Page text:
Xenopus amieti (Volcano Clawed Frog)
Xenopus (L., strange foot) is a genus of highly aquatic frogs native to Sub-Saharan Africa. There are 18 species in the Xenopus genus. They are known collectively as African Clawed Frogs or Platanna. The best-known species belonging to this genus is Xenopus laevis, which is commonly studied as a model organism.
All species of Xenopus have flattened, somewhat egg-shaped and streamlined bodies, as well as very slippery skin (because of a protective mucous covering). The frog's skin is smooth albeit with a lateral line sensory organ that have a stitch-like appearance. The frogs are all excellent swimmers and have powerful, fully-webbed toes though the fingers lack webbing. Three of the toes on each foot have conspicuous black claws.
The frog's eyes are positioned on top of the head, looking upwards. The pupils are circular. They have no moveable eyelids, tongues (rather it is completely attached to the floor of the mouth) or eardrums (similarly to the Surinam toad).
Xenopus species are entirely aquatic, though they have been witnessed to migrate on land to nearby bodies of water during times of drought. The are usually found in lakes, rivers, swamps and man-made reservoirs.
Adult frogs are usually both predators and scavengers and since their tongue is unusable, the frogs use their small forelimbs to aid in the feeding process. Since they also lack a vocal sac, they make clicking sounds underwater (again similarly to the Surinam toad). The Xenopus species are also active during the twilight hours (or crepuscular).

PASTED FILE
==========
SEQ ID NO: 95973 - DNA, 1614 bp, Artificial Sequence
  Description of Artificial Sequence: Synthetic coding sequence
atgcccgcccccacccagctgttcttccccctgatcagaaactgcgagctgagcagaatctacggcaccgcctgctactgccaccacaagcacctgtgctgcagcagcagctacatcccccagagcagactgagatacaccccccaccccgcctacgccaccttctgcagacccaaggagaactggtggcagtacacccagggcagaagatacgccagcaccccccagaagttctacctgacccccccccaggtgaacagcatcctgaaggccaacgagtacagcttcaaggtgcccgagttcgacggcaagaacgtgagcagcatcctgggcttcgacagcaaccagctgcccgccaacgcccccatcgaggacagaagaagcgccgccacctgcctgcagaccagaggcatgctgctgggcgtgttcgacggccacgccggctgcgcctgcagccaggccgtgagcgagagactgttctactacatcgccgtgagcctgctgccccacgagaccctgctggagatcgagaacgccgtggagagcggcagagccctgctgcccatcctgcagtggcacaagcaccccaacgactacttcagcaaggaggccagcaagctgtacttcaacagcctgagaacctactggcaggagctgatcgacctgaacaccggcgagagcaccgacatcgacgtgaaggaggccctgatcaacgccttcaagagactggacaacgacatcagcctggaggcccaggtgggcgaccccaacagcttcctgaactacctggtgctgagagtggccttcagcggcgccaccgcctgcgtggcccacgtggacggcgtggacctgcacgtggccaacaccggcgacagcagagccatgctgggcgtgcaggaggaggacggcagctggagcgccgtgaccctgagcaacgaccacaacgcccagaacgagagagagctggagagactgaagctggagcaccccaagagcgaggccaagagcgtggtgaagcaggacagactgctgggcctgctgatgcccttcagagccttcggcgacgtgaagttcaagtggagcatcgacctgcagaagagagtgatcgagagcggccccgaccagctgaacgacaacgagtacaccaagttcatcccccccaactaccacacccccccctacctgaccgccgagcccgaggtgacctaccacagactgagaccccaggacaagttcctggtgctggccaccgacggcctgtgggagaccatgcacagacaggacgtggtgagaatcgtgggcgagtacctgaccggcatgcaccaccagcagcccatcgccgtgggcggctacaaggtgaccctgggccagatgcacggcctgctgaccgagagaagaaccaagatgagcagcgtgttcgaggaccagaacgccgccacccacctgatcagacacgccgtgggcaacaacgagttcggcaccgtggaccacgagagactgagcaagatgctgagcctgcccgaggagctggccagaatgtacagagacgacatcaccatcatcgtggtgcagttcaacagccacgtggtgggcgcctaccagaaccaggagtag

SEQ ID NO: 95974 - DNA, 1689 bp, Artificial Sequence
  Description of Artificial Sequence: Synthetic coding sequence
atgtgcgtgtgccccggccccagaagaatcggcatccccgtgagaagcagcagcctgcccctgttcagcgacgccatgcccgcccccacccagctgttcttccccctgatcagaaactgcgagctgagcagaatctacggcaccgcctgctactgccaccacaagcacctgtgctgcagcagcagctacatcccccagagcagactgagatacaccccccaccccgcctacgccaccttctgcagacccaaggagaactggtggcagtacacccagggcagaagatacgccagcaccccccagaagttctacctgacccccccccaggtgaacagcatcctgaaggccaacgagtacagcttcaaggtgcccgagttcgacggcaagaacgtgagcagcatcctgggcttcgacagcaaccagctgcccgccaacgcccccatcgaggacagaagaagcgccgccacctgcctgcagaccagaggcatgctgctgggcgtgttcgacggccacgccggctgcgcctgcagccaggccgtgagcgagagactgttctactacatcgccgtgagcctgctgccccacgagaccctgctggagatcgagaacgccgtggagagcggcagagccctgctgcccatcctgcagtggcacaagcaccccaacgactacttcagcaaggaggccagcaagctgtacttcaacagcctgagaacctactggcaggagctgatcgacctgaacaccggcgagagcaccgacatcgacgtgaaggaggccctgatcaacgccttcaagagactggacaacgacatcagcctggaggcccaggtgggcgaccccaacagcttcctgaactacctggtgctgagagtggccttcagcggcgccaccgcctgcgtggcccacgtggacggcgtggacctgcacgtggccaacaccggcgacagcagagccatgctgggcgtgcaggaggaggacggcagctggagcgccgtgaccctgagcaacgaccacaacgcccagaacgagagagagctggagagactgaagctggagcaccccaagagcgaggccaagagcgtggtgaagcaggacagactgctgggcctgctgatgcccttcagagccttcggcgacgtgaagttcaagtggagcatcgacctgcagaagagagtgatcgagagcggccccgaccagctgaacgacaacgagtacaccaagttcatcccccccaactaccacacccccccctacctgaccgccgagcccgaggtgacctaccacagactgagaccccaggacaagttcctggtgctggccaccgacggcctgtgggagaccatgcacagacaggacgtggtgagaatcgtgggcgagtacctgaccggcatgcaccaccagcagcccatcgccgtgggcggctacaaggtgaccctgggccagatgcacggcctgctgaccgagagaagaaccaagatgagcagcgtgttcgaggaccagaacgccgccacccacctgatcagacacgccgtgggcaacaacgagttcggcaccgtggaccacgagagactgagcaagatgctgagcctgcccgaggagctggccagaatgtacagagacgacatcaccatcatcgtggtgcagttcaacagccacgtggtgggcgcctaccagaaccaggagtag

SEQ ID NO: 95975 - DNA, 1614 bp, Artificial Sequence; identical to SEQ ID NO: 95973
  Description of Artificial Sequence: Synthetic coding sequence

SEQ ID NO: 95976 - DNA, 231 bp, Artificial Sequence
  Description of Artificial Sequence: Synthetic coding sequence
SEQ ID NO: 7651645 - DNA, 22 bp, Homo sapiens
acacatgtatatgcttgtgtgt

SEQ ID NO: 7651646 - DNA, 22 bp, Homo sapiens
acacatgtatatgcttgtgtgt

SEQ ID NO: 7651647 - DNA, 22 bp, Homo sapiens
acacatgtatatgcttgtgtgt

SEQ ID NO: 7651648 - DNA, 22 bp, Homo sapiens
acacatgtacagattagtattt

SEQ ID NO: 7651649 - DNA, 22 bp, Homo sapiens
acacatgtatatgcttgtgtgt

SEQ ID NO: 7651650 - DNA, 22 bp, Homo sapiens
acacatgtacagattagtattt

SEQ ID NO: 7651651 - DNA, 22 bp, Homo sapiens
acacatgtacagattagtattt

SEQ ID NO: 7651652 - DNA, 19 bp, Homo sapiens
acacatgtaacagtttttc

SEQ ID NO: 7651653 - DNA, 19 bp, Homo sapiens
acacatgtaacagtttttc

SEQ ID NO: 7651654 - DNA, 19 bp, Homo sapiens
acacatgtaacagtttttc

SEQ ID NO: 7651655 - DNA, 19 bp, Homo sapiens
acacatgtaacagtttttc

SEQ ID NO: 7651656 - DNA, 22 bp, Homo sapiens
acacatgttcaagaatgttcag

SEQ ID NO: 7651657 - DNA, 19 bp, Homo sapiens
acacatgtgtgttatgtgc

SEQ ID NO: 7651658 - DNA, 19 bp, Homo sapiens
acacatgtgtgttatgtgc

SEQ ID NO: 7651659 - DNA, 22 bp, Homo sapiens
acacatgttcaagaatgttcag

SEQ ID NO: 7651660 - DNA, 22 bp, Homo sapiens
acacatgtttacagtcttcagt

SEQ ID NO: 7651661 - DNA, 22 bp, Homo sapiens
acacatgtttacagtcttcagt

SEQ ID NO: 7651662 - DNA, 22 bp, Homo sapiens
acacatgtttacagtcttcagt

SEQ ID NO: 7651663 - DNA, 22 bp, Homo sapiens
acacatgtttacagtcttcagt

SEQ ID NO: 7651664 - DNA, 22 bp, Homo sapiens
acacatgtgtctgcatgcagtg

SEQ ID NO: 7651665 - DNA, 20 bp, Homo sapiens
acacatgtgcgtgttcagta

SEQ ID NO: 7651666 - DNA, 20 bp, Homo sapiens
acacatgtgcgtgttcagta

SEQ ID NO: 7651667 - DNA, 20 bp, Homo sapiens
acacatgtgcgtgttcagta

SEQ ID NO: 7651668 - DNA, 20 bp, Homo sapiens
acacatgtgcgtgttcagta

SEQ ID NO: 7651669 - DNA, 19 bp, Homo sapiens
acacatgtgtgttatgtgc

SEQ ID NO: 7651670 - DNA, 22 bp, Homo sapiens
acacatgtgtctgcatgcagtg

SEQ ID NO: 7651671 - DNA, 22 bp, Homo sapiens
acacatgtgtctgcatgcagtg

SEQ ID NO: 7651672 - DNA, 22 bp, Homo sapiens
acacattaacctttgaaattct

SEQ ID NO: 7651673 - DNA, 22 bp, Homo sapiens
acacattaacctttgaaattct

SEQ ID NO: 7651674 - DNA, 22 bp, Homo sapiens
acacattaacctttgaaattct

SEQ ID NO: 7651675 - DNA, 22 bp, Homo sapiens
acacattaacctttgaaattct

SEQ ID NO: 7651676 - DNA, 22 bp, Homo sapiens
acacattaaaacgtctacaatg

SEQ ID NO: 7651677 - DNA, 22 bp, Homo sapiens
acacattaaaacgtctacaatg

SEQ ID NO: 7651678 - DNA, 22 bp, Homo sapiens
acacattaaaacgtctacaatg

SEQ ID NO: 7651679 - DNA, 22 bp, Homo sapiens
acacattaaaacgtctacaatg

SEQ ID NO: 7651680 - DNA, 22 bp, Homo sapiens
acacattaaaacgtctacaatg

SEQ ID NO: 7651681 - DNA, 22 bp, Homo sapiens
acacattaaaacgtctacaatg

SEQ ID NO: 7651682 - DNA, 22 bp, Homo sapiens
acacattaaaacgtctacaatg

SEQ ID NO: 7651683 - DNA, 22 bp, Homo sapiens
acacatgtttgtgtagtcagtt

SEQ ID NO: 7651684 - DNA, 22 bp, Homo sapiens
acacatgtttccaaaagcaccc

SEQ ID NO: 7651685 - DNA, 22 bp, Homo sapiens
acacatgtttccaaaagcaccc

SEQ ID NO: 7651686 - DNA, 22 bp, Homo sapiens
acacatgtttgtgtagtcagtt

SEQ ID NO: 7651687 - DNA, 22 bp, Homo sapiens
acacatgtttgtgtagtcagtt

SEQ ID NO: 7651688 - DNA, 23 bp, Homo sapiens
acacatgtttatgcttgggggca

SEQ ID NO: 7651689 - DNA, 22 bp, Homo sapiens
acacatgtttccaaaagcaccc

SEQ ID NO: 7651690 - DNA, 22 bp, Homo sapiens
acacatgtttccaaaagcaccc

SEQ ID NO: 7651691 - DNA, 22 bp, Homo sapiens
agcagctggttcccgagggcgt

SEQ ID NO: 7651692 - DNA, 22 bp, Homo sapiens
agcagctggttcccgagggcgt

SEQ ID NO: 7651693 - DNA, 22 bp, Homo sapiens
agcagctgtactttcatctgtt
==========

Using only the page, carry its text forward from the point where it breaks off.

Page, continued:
During breeding season, the males have ridge-like nuptial pads (black in color) on the fingers to aid in grasping the female. The mating embrace the frogs use is inguinal, which means that the male grasps the female around her waist.
Xenopus are a popular model system for gene and protein expression and knockdown studies. At 1 mm diameter, Xenopus oocytes are very large cells which are easy for scientists to culture and use in experiments. RNA from other organisms can be injected into the large oocytes and the resulting expression studied via molecular biology techniques or through electrophysiology experimentation. Gene expression can be knocked down or splicing modified using Morpholino antisense oligos injected into Xenopus oocytes (for whole-body effects) or early embryos (for effects in the daughter cells descended from the injected cell). Cytoplasmic extracts made by centrifuging Xenopus eggs or embryos (allowing direct addition or depletion of proteins) can recapitulate a wide range of complex cellular processes including nuclear envelope formation, DNA replication and spindle assembly.
While Xenopus laevis is the most commonly used species for developmental biology studies, genetic studies can be complicated by their pseudotetraploid genome. Xenopus tropicalis provides a simpler model for genetic studies, having a diploid genome. Morpholino knockdown techniques are also used in X. tropicalis to probe the function of a protein by observing the results of eliminating the protein's activity, as was done in a screen   of X. tropicalis genes published in 2006.
X. laevis is often used as a low-tech pregnancy test; for details, see the species account.
Species: X. amieti - X. andrei - X. borealis - X. boumbaensis - X. clivii - X. fraseri - X. gilli - X. itombwensis - X. laevis - X. largeni - X. longipes - X. muelleri - X. petersii - X. pygmaeus - X. ruwenzoriensis - X. tropicalis - X. vestitus - X. victorianus - X. wittei
Xenopus Wagler, 1827